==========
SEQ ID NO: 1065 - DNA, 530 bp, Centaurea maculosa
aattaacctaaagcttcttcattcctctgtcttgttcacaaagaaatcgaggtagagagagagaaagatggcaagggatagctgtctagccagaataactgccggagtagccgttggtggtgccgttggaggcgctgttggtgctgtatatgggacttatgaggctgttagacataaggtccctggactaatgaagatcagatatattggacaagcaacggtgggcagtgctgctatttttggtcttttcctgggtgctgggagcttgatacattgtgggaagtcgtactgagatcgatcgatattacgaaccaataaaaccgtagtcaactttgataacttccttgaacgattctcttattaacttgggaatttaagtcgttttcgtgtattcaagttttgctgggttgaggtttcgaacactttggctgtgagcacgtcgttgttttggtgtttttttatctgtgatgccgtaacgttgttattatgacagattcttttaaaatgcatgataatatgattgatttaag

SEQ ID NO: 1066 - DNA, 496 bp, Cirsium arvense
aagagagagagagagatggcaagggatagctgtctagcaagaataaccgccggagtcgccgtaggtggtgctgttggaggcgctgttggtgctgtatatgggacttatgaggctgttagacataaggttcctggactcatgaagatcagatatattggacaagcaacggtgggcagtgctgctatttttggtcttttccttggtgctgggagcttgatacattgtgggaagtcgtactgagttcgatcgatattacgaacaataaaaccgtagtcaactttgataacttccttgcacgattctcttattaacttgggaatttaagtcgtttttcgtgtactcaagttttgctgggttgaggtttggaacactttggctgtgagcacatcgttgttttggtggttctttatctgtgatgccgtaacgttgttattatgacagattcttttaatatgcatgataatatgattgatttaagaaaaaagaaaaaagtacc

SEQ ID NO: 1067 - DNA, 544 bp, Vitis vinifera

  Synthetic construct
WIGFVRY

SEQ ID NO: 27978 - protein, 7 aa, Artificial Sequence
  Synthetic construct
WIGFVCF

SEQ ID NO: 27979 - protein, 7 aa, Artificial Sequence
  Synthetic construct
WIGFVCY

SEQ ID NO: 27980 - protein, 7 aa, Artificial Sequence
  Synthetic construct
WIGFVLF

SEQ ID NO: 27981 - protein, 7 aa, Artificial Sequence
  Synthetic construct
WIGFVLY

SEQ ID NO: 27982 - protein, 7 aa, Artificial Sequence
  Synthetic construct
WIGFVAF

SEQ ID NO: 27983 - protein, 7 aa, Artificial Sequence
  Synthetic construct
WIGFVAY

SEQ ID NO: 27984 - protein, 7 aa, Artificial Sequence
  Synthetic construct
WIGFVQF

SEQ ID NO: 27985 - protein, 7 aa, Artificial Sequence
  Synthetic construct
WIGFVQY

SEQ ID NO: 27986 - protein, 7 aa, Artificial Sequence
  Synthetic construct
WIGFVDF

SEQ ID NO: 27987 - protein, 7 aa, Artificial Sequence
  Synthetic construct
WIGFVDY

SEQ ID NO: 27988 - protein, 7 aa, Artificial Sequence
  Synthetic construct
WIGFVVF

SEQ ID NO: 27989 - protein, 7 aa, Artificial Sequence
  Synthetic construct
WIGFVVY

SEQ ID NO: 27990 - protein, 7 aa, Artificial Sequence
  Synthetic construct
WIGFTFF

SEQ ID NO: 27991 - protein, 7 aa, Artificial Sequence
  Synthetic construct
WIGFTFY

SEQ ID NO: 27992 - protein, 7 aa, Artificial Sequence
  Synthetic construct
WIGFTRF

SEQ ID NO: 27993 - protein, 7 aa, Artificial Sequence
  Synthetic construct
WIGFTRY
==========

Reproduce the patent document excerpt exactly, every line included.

SEQ ID NO: 1065 - DNA, 530 bp, Centaurea maculosa
aattaacctaaagcttcttcattcctctgtcttgttcacaaagaaatcgaggtagagagagagaaagatggcaagggatagctgtctagccagaataactgccggagtagccgttggtggtgccgttggaggcgctgttggtgctgtatatgggacttatgaggctgttagacataaggtccctggactaatgaagatcagatatattggacaagcaacggtgggcagtgctgctatttttggtcttttcctgggtgctgggagcttgatacattgtgggaagtcgtactgagatcgatcgatattacgaaccaataaaaccgtagtcaactttgataacttccttgaacgattctcttattaacttgggaatttaagtcgttttcgtgtattcaagttttgctgggttgaggtttcgaacactttggctgtgagcacgtcgttgttttggtgtttttttatctgtgatgccgtaacgttgttattatgacagattcttttaaaatgcatgataatatgattgatttaag

SEQ ID NO: 1066 - DNA, 496 bp, Cirsium arvense
aagagagagagagagatggcaagggatagctgtctagcaagaataaccgccggagtcgccgtaggtggtgctgttggaggcgctgttggtgctgtatatgggacttatgaggctgttagacataaggttcctggactcatgaagatcagatatattggacaagcaacggtgggcagtgctgctatttttggtcttttccttggtgctgggagcttgatacattgtgggaagtcgtactgagttcgatcgatattacgaacaataaaaccgtagtcaactttgataacttccttgcacgattctcttattaacttgggaatttaagtcgtttttcgtgtactcaagttttgctgggttgaggtttggaacactttggctgtgagcacatcgttgttttggtggttctttatctgtgatgccgtaacgttgttattatgacagattcttttaatatgcatgataatatgattgatttaagaaaaaagaaaaaagtacc

SEQ ID NO: 1067 - DNA, 544 bp, Vitis vinifera

  Synthetic construct
WIGFVRY

SEQ ID NO: 27978 - protein, 7 aa, Artificial Sequence
  Synthetic construct
WIGFVCF

SEQ ID NO: 27979 - protein, 7 aa, Artificial Sequence
  Synthetic construct
WIGFVCY

SEQ ID NO: 27980 - protein, 7 aa, Artificial Sequence
  Synthetic construct
WIGFVLF

SEQ ID NO: 27981 - protein, 7 aa, Artificial Sequence
  Synthetic construct
WIGFVLY

SEQ ID NO: 27982 - protein, 7 aa, Artificial Sequence
  Synthetic construct
WIGFVAF

SEQ ID NO: 27983 - protein, 7 aa, Artificial Sequence
  Synthetic construct
WIGFVAY

SEQ ID NO: 27984 - protein, 7 aa, Artificial Sequence
  Synthetic construct
WIGFVQF

SEQ ID NO: 27985 - protein, 7 aa, Artificial Sequence
  Synthetic construct
WIGFVQY

SEQ ID NO: 27986 - protein, 7 aa, Artificial Sequence
  Synthetic construct
WIGFVDF

SEQ ID NO: 27987 - protein, 7 aa, Artificial Sequence
  Synthetic construct
WIGFVDY

SEQ ID NO: 27988 - protein, 7 aa, Artificial Sequence
  Synthetic construct
WIGFVVF

SEQ ID NO: 27989 - protein, 7 aa, Artificial Sequence
  Synthetic construct
WIGFVVY

SEQ ID NO: 27990 - protein, 7 aa, Artificial Sequence
  Synthetic construct
WIGFTFF

SEQ ID NO: 27991 - protein, 7 aa, Artificial Sequence
  Synthetic construct
WIGFTFY

SEQ ID NO: 27992 - protein, 7 aa, Artificial Sequence
  Synthetic construct
WIGFTRF

SEQ ID NO: 27993 - protein, 7 aa, Artificial Sequence
  Synthetic construct
WIGFTRY